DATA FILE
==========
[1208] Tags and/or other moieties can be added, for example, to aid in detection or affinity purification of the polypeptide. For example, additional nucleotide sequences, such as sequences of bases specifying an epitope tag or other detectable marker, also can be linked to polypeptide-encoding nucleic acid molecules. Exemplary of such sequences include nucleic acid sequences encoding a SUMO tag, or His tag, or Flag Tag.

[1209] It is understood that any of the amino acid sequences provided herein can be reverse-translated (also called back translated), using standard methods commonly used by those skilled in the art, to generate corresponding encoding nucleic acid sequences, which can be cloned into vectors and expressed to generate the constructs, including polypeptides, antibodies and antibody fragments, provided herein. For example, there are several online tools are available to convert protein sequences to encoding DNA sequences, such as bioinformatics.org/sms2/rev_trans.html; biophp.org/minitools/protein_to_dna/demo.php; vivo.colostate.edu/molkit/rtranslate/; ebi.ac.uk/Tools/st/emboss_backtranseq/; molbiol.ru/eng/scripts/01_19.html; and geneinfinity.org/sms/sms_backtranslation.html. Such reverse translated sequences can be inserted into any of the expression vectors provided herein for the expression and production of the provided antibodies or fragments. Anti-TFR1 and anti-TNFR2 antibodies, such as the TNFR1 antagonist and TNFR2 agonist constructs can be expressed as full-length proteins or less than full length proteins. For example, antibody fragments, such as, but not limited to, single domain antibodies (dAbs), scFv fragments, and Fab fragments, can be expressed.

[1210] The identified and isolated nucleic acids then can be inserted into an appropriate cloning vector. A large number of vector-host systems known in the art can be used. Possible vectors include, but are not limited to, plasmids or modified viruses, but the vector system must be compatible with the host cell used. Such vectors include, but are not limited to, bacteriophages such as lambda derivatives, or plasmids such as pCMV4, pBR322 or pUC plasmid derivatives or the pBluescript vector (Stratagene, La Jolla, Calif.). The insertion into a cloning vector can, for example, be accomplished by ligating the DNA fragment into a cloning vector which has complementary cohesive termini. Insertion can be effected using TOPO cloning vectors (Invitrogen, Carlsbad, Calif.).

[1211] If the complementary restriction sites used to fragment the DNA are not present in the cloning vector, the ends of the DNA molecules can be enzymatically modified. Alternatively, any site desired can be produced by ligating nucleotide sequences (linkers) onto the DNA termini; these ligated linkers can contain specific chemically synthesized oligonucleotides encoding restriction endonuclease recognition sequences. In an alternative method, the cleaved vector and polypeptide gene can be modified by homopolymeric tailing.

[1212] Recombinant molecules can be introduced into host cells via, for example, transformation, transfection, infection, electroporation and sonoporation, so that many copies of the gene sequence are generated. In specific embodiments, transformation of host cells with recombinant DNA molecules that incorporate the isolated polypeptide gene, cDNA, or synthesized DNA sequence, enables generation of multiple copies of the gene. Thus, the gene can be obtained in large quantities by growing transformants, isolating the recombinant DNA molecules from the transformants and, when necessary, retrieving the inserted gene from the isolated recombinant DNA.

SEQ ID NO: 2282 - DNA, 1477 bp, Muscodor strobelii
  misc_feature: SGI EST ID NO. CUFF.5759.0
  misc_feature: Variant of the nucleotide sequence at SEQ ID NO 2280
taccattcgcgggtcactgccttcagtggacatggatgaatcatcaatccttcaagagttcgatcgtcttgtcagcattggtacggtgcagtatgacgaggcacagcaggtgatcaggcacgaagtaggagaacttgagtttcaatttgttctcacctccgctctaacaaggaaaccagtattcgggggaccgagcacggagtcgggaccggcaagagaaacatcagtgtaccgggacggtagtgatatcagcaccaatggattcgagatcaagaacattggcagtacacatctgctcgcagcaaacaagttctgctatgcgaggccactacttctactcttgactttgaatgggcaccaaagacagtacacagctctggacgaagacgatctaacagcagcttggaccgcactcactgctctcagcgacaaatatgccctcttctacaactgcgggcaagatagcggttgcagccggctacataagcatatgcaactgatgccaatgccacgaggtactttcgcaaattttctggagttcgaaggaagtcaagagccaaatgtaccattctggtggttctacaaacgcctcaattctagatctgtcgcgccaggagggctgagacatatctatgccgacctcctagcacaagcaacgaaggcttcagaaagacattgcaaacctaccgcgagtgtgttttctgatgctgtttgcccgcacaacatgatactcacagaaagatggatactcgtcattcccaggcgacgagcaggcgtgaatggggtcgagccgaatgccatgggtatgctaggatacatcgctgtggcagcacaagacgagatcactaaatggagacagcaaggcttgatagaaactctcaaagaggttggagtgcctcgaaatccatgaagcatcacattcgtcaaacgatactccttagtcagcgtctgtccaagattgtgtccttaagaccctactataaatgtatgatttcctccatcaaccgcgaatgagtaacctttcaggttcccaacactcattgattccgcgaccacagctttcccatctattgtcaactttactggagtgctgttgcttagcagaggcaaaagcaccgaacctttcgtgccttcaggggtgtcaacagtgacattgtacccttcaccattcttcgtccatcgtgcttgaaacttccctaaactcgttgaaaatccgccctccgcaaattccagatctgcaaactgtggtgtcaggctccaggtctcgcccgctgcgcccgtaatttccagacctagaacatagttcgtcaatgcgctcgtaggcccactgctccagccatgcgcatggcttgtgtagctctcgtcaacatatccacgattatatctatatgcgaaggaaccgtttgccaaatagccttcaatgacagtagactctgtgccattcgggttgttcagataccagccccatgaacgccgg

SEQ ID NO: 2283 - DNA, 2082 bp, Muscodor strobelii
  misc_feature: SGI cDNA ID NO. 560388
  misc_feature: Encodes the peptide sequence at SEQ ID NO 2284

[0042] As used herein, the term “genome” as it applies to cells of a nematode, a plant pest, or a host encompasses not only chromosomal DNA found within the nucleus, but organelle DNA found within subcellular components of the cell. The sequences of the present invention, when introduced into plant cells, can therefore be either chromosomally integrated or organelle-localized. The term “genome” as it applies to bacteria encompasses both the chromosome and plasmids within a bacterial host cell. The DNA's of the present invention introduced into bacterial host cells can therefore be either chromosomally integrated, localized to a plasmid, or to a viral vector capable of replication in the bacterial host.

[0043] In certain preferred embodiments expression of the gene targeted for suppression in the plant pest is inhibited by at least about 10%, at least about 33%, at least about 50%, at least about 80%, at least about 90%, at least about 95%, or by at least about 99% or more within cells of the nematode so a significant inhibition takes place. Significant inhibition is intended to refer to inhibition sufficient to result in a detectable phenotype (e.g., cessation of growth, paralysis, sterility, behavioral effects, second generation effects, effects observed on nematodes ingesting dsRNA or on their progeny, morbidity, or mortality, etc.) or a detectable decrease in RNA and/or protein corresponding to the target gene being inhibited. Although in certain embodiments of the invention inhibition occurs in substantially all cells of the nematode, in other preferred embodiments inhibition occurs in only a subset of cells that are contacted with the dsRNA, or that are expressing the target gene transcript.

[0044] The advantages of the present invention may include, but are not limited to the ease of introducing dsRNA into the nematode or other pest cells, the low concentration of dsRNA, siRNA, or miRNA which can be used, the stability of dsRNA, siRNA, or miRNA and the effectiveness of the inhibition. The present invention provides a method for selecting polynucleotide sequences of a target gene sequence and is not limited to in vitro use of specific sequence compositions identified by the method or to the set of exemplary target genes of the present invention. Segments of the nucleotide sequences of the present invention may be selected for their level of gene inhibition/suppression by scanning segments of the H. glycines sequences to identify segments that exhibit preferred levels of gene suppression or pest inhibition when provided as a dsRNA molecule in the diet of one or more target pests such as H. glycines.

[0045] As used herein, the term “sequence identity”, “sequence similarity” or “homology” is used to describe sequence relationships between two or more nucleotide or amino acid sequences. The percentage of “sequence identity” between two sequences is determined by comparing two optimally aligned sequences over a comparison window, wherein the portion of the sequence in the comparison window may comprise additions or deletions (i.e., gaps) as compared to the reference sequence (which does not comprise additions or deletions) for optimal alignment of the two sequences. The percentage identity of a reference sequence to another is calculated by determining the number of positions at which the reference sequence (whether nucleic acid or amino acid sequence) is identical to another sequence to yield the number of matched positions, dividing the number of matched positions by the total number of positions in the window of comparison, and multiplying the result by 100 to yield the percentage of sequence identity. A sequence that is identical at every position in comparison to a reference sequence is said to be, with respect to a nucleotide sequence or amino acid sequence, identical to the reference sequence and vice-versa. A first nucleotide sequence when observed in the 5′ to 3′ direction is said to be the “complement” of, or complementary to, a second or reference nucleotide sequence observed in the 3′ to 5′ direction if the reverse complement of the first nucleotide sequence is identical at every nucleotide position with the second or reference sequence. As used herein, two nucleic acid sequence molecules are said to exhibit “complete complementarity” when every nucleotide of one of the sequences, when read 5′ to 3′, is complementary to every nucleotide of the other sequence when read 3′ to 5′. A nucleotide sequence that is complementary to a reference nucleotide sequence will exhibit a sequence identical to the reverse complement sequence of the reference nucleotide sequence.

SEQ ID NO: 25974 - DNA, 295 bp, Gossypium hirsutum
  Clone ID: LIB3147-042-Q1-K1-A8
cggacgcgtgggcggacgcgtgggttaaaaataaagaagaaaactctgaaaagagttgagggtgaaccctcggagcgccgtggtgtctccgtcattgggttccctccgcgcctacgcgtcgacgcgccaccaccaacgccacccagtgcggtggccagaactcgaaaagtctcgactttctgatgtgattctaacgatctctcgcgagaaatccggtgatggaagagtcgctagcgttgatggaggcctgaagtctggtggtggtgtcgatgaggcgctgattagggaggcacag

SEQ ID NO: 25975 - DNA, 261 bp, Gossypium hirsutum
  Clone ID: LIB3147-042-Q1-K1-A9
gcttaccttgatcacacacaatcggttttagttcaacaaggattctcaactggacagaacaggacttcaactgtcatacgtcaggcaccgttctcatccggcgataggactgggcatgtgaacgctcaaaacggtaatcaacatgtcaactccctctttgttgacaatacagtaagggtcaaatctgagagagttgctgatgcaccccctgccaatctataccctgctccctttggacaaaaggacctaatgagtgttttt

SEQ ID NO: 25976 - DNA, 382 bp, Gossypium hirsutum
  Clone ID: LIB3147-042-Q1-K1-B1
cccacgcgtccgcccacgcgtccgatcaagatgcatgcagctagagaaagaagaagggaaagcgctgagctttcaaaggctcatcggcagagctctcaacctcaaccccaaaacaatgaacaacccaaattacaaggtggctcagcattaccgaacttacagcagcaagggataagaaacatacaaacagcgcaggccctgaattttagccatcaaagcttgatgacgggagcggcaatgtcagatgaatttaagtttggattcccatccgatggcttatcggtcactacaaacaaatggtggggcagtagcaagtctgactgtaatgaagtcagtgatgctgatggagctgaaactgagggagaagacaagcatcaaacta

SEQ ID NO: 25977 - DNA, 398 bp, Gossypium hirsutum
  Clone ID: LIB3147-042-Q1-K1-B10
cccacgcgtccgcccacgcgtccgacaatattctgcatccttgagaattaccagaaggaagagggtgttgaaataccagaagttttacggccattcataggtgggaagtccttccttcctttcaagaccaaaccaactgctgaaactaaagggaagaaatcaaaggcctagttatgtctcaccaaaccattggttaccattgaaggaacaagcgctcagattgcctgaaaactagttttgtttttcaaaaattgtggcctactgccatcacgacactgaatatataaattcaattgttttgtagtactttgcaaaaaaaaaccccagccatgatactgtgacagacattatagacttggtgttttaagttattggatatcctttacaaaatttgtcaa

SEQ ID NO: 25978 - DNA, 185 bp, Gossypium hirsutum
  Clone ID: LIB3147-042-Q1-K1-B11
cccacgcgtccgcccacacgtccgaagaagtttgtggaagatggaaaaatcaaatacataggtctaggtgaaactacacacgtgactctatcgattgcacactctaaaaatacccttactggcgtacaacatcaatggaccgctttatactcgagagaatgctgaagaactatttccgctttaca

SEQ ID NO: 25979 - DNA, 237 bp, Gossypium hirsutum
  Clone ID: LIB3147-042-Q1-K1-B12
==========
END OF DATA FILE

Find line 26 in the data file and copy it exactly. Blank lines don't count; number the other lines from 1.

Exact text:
SEQ ID NO: 25977 - DNA, 398 bp, Gossypium hirsutum